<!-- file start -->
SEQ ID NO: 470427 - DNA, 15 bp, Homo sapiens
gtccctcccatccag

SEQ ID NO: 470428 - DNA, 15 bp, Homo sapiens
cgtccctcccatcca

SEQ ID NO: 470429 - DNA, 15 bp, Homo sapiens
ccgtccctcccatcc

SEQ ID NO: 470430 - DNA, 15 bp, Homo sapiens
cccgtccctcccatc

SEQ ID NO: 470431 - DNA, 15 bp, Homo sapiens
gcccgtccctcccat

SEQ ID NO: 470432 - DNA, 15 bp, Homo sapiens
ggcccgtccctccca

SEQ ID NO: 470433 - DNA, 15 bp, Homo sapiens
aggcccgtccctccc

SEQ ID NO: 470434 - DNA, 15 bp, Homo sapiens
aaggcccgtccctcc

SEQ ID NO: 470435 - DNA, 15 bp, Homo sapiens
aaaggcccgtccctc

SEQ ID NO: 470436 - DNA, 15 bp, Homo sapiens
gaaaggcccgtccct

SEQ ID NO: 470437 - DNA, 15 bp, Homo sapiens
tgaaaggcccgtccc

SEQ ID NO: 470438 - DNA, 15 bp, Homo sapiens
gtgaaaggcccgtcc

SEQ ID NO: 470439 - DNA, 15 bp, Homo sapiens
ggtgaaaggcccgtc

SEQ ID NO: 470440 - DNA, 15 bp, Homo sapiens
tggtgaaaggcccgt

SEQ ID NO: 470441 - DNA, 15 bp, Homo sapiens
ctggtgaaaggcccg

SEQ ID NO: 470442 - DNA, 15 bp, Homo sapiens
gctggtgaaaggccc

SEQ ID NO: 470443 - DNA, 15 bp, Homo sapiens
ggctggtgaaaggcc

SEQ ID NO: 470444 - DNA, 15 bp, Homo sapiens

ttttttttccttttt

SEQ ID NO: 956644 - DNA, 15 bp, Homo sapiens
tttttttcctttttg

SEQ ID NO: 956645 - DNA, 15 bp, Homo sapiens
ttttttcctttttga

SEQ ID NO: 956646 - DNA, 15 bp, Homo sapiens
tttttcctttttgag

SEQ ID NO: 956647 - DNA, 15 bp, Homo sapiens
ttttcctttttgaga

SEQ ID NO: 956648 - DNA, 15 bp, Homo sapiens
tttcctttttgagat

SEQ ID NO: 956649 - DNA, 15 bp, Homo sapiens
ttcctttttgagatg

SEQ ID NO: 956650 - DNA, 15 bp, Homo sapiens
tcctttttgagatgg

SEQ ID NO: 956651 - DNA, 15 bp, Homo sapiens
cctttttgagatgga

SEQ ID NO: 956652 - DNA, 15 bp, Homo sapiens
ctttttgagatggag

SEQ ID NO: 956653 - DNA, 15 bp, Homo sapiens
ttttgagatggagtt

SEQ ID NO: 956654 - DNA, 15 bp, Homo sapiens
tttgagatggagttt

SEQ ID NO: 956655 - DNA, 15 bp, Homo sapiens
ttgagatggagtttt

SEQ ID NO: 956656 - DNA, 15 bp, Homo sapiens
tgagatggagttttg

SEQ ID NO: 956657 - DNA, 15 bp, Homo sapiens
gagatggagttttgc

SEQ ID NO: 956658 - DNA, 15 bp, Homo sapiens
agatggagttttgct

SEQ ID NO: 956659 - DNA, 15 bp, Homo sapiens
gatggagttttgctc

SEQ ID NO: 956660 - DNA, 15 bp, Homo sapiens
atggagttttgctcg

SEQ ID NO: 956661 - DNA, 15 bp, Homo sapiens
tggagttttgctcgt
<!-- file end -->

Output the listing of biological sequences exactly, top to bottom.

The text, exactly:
SEQ ID NO: 470427 - DNA, 15 bp, Homo sapiens
gtccctcccatccag

SEQ ID NO: 470428 - DNA, 15 bp, Homo sapiens
cgtccctcccatcca

SEQ ID NO: 470429 - DNA, 15 bp, Homo sapiens
ccgtccctcccatcc

SEQ ID NO: 470430 - DNA, 15 bp, Homo sapiens
cccgtccctcccatc

SEQ ID NO: 470431 - DNA, 15 bp, Homo sapiens
gcccgtccctcccat

SEQ ID NO: 470432 - DNA, 15 bp, Homo sapiens
ggcccgtccctccca

SEQ ID NO: 470433 - DNA, 15 bp, Homo sapiens
aggcccgtccctccc

SEQ ID NO: 470434 - DNA, 15 bp, Homo sapiens
aaggcccgtccctcc

SEQ ID NO: 470435 - DNA, 15 bp, Homo sapiens
aaaggcccgtccctc

SEQ ID NO: 470436 - DNA, 15 bp, Homo sapiens
gaaaggcccgtccct

SEQ ID NO: 470437 - DNA, 15 bp, Homo sapiens
tgaaaggcccgtccc

SEQ ID NO: 470438 - DNA, 15 bp, Homo sapiens
gtgaaaggcccgtcc

SEQ ID NO: 470439 - DNA, 15 bp, Homo sapiens
ggtgaaaggcccgtc

SEQ ID NO: 470440 - DNA, 15 bp, Homo sapiens
tggtgaaaggcccgt

SEQ ID NO: 470441 - DNA, 15 bp, Homo sapiens
ctggtgaaaggcccg

SEQ ID NO: 470442 - DNA, 15 bp, Homo sapiens
gctggtgaaaggccc

SEQ ID NO: 470443 - DNA, 15 bp, Homo sapiens
ggctggtgaaaggcc

SEQ ID NO: 470444 - DNA, 15 bp, Homo sapiens

ttttttttccttttt

SEQ ID NO: 956644 - DNA, 15 bp, Homo sapiens
tttttttcctttttg

SEQ ID NO: 956645 - DNA, 15 bp, Homo sapiens
ttttttcctttttga

SEQ ID NO: 956646 - DNA, 15 bp, Homo sapiens
tttttcctttttgag

SEQ ID NO: 956647 - DNA, 15 bp, Homo sapiens
ttttcctttttgaga

SEQ ID NO: 956648 - DNA, 15 bp, Homo sapiens
tttcctttttgagat

SEQ ID NO: 956649 - DNA, 15 bp, Homo sapiens
ttcctttttgagatg

SEQ ID NO: 956650 - DNA, 15 bp, Homo sapiens
tcctttttgagatgg

SEQ ID NO: 956651 - DNA, 15 bp, Homo sapiens
cctttttgagatgga

SEQ ID NO: 956652 - DNA, 15 bp, Homo sapiens
ctttttgagatggag

SEQ ID NO: 956653 - DNA, 15 bp, Homo sapiens
ttttgagatggagtt

SEQ ID NO: 956654 - DNA, 15 bp, Homo sapiens
tttgagatggagttt

SEQ ID NO: 956655 - DNA, 15 bp, Homo sapiens
ttgagatggagtttt

SEQ ID NO: 956656 - DNA, 15 bp, Homo sapiens
tgagatggagttttg

SEQ ID NO: 956657 - DNA, 15 bp, Homo sapiens
gagatggagttttgc

SEQ ID NO: 956658 - DNA, 15 bp, Homo sapiens
agatggagttttgct

SEQ ID NO: 956659 - DNA, 15 bp, Homo sapiens
gatggagttttgctc

SEQ ID NO: 956660 - DNA, 15 bp, Homo sapiens
atggagttttgctcg

SEQ ID NO: 956661 - DNA, 15 bp, Homo sapiens
tggagttttgctcgt